Show creator's intent does not match the show apparently.
You fail to heed WP:BRD. You are trying to override previously obtained consensus because you feel you are right, edit warring and treating this as a battleground. I have tried to engage you in discussion on your own talk page as well as this article talk page. Your only argument is that you are right. You cite no WP policy nor provide further current sources to back your claim. I have reported you to AIV and AN3. EvergreenFir (talk) Please {{re}} 05:16, 1 July 2014 (UTC)
Conensus does not override reality. And no matter how you try to spin it, the word of the series creator should be considered gospel (or close enough to it) in this case. His exact words: "It’s a semi-Springfield. It can’t be San Francisco, which is what many people think. It has all that Victorian architecture from San Francisco because I was living there when we developed the show, but we set it firmly in the Northeast because of the way Linda sounds, and Teddy. There’s just so much East Coast in those voices, we just couldn’t take it out. It would’ve been too weird to have her doing that voice — you’d have to constantly be explaining that she’s a transplant or whatever. And because it’s this seaside, past-it’s-prime, dusty old town, we kind of felt like that puts it pretty close to those Coney Island, New York-New Jersey shore parts. I grew up in the New England area, and there were lots of beach towns like it, though we don’t want to be in New England party because Family Guy has Rhode Island sewn up. But basically I picture it somewhere in the outer boroughs or on the northern Jersey shore.” Doesn't say "the show is set in New Jersey", it says the show is set in the northeast somewhere. Which, once again, means your information is incorrect. --ChrisP2K5 (talk) 05:30, 1 July 2014 (UTC)
Nowhere in the interview that you've pasted here does he say that the show isn't set in New Jersey. In fact he clearly states that the Jersey shore is a possibility. Some time after this interview the show rather clearly showed the Belchers going on a road trip starting from their home and the image of a map that showed them beginning the journey in New Jersey. The new information doesn't in any way contradict his interview. We've simply been given more specific information since the interview took place. This is like if some hypothetical show had a shadowy character that you never see and the creator did an interview where they say "oh, I picture that character as sort of a classic monster, like a vampire or werewolf" and then the next season the character is in fact revealed to be a werewolf. Would you then say that no, the character isn't a werewolf because the creator didn't say so in an interview yet? If we could only use creator interviews as sources and had to ignore the show itself, then we'd have to remove half of the information in the article. -- Fyrael (talk) 06:19, 1 July 2014 (UTC)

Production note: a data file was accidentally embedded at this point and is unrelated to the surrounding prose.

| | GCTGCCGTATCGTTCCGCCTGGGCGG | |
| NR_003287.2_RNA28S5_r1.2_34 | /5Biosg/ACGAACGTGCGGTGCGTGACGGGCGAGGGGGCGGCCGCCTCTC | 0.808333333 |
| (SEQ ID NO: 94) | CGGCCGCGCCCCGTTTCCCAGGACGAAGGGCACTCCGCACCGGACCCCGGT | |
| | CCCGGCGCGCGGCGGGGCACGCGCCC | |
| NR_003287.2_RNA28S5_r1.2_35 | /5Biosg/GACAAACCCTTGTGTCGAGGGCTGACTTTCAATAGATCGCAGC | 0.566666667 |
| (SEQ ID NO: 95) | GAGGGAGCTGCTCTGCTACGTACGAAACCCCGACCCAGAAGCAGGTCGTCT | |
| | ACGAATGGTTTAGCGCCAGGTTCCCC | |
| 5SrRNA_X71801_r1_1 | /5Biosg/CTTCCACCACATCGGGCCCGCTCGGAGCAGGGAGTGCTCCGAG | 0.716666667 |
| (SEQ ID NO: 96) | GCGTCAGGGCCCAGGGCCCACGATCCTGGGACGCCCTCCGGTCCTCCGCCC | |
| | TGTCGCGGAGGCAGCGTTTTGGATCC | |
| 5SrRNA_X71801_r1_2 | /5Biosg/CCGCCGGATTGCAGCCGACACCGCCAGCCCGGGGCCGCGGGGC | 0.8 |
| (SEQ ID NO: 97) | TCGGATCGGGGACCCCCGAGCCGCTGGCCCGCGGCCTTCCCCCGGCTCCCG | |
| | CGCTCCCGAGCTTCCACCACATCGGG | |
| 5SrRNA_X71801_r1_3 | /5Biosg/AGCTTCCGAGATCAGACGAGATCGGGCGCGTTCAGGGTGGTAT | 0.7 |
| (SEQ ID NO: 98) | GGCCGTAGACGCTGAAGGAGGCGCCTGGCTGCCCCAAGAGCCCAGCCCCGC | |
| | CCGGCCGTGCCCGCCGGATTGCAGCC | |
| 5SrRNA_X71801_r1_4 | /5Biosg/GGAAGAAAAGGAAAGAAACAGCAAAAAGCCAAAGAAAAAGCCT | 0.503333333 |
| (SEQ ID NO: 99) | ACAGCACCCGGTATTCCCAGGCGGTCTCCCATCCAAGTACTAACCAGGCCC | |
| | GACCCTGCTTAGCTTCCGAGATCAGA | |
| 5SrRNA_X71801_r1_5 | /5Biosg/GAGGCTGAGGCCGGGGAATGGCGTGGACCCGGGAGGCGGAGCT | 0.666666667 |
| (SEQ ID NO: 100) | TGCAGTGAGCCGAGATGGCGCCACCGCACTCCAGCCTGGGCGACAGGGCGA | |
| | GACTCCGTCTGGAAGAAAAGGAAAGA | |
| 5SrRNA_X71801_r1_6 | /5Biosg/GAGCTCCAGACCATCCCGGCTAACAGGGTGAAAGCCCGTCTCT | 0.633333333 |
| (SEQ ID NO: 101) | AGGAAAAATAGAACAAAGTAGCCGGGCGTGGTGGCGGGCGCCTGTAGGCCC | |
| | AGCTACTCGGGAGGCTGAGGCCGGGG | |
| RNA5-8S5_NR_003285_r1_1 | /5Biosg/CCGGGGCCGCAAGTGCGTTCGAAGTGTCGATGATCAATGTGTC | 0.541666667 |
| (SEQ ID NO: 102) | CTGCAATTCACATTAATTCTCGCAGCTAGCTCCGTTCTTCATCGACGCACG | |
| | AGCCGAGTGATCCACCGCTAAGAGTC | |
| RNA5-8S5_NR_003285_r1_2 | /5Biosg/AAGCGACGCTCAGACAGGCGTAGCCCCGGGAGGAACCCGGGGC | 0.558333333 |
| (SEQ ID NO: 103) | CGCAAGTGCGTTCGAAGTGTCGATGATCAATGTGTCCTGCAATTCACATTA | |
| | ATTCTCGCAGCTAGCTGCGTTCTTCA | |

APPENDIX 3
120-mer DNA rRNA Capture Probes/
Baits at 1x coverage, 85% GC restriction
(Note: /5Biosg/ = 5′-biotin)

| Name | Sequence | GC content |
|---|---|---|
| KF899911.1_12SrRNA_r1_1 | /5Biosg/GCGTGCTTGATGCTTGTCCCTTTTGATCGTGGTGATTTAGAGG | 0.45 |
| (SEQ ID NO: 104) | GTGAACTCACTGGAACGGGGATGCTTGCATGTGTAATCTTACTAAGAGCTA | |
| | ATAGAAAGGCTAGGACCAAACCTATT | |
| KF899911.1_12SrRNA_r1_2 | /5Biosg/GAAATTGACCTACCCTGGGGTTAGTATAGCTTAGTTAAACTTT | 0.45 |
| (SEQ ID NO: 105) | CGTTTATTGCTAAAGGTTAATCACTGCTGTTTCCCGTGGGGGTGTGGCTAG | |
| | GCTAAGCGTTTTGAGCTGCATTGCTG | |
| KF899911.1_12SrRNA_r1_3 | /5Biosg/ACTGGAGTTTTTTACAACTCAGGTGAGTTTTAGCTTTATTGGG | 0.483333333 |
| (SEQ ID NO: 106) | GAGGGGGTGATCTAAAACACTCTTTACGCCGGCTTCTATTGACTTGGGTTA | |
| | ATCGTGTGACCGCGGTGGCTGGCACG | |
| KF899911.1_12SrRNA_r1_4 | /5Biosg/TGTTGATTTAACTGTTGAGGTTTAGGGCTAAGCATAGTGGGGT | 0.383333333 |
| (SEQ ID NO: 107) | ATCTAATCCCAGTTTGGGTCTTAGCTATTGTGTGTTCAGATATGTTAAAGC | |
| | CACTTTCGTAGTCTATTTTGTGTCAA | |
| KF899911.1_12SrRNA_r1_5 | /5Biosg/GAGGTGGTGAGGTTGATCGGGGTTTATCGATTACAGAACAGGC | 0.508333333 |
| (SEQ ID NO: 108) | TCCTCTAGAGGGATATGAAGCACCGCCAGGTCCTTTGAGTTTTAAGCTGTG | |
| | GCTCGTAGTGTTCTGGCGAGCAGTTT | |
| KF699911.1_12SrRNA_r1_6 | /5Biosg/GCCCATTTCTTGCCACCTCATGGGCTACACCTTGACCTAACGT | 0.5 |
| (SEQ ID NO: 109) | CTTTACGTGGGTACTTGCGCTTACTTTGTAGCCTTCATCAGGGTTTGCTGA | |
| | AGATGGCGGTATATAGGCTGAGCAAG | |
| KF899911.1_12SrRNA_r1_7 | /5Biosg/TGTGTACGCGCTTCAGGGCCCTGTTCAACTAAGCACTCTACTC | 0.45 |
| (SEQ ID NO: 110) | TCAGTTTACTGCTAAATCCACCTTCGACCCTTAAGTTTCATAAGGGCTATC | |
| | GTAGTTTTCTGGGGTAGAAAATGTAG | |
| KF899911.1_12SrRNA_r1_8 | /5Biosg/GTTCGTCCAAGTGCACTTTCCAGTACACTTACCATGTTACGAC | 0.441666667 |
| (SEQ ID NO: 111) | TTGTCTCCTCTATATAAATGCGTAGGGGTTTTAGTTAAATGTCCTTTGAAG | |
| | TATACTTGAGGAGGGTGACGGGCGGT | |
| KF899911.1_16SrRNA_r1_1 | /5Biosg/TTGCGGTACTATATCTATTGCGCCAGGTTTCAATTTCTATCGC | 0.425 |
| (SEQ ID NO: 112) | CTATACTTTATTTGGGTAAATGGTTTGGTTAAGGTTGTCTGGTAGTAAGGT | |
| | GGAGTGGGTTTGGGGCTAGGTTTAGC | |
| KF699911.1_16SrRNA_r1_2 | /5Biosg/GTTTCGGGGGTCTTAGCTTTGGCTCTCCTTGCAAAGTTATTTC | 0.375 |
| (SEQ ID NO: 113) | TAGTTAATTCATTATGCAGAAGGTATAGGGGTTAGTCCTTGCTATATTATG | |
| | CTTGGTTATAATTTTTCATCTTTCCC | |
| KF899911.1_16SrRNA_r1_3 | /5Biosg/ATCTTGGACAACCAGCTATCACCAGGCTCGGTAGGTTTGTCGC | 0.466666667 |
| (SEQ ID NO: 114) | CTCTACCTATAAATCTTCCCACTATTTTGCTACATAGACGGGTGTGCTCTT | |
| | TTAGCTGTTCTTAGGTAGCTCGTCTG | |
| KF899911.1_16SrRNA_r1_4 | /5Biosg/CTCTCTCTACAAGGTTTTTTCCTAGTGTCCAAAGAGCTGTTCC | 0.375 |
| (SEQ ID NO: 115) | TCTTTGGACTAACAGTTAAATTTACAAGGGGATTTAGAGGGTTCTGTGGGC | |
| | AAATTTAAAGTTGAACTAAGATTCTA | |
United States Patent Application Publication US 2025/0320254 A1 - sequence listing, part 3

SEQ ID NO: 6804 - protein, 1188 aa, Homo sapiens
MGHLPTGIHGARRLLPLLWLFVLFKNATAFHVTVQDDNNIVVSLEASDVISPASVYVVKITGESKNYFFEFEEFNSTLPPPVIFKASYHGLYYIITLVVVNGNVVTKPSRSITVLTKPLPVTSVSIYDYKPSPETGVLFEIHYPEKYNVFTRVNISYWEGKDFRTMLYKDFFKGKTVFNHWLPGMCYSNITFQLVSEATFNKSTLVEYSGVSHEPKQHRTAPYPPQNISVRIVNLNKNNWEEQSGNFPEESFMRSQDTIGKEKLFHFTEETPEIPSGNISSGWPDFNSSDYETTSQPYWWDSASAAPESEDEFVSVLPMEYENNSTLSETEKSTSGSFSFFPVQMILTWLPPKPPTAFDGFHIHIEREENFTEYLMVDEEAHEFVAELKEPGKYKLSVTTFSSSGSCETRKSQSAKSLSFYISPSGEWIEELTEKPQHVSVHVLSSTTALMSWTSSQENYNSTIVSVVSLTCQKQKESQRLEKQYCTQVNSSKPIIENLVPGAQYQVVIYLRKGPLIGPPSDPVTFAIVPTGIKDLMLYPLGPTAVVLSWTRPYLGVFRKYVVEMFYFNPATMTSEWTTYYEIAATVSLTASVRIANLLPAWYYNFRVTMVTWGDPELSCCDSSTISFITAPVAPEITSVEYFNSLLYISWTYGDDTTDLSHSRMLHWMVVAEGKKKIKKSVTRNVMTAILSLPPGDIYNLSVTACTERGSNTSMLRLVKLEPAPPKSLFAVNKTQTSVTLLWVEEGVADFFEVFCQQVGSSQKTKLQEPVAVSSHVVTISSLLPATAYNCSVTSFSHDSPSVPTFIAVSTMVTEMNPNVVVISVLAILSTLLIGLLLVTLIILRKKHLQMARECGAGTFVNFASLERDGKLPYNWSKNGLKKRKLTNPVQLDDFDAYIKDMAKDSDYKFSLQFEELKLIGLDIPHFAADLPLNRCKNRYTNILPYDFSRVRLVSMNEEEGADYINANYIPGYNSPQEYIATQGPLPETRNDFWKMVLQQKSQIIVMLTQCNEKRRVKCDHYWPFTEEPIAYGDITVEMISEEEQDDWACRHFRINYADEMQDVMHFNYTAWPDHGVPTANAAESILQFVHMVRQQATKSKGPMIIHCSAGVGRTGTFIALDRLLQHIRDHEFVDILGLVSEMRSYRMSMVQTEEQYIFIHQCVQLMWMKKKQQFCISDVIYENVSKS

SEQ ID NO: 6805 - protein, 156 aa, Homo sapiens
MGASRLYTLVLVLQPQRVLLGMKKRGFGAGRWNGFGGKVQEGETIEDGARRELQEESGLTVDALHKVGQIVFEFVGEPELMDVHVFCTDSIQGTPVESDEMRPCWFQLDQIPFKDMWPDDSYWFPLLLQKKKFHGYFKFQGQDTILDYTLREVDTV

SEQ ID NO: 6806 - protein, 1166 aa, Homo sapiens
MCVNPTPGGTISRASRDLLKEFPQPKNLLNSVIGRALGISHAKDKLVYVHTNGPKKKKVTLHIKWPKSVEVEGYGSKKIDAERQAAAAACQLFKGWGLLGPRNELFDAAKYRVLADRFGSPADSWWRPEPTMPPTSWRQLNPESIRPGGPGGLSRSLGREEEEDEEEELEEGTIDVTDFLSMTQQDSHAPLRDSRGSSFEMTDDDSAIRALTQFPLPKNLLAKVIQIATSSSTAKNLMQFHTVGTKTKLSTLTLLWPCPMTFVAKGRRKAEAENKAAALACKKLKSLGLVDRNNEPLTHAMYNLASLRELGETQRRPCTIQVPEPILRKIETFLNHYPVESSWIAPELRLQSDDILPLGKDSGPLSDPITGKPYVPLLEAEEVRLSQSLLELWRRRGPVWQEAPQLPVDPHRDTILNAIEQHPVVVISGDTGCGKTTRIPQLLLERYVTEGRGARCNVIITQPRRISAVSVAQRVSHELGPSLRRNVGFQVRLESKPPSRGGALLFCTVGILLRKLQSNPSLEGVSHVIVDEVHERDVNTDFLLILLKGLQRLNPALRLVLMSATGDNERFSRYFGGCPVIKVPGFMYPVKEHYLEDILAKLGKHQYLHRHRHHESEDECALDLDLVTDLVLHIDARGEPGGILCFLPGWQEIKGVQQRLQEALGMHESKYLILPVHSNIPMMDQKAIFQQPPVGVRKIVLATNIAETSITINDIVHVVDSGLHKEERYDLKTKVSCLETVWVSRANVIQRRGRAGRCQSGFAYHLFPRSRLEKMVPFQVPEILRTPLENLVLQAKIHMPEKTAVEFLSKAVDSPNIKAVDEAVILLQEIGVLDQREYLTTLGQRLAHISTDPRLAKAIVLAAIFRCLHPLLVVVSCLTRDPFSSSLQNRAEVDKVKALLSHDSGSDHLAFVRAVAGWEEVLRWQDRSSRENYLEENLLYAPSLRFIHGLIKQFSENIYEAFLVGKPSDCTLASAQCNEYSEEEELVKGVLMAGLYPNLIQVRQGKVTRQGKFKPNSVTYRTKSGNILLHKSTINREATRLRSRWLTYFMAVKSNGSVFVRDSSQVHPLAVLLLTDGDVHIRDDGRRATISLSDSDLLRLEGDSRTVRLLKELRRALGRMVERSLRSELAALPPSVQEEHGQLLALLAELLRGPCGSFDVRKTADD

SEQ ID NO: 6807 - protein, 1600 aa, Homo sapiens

He said at the very beginning of the interview that the setting was indeterminate. That renders the New Jersey argument invalid. This "specific information" is not from an RS, and the car did not start in New Jersey but in the middle of a map, lending to the ambiguity. Your last point is a straw man and made under a different set of circumstances. If the character is revealed as a werewolf, then he's a werewolf. This wasn't done here. --ChrisP2K5 (talk) 07:42, 1 July 2014 (UTC)
I'm not sure what ambiguity you're seeing in the image linked above, which was captured from the show. It's quite clearly New Jersey that they started from. And that's the "specific information" that I'm referring to. The show revealing what state the characters live in is exactly what was done here. The dotted line starts in New Jersey. Aside from a character saying it out loud, I'm not sure how much clearer it could be. -- Fyrael (talk) 16:40, 1 July 2014 (UTC)
That is a matter of opinion, not factual data. And the factual data says the show doesn't have a specific setting. --ChrisP2K5 (talk) 22:08, 1 July 2014 (UTC)
Actually it is factual data. It's a picture. There's really not any room for opinion here. Are you telling me honestly that when you look at the picture you can't tell where the Belchers' trip started from? -- Fyrael (talk) 22:51, 1 July 2014 (UTC)
Here's a fourth source: . Note that it appears to be an RS as it has editorial oversight: EvergreenFir (talk) Please {{re}} 06:28, 1 July 2014 (UTC)
And a 5th: also with editorial oversight (1) EvergreenFir (talk) Please {{re}} 06:31, 1 July 2014 (UTC)
Your first source is an editorial and doesn't present any evidence other than the writer's own interpretation. Not an RS. Your second source is a review of the episode and doesn't present any evidence other than the writer's own interpretation. Not an RS. --ChrisP2K5 (talk) 07:42, 1 July 2014 (UTC)
You don't see to understand what WP:RS says. Writers' opinions are fine. But neither of these are opinion columns. You are assuming author intent, but you don't have a crystal ball. EvergreenFir (talk) Please {{re}} 15:48, 1 July 2014 (UTC)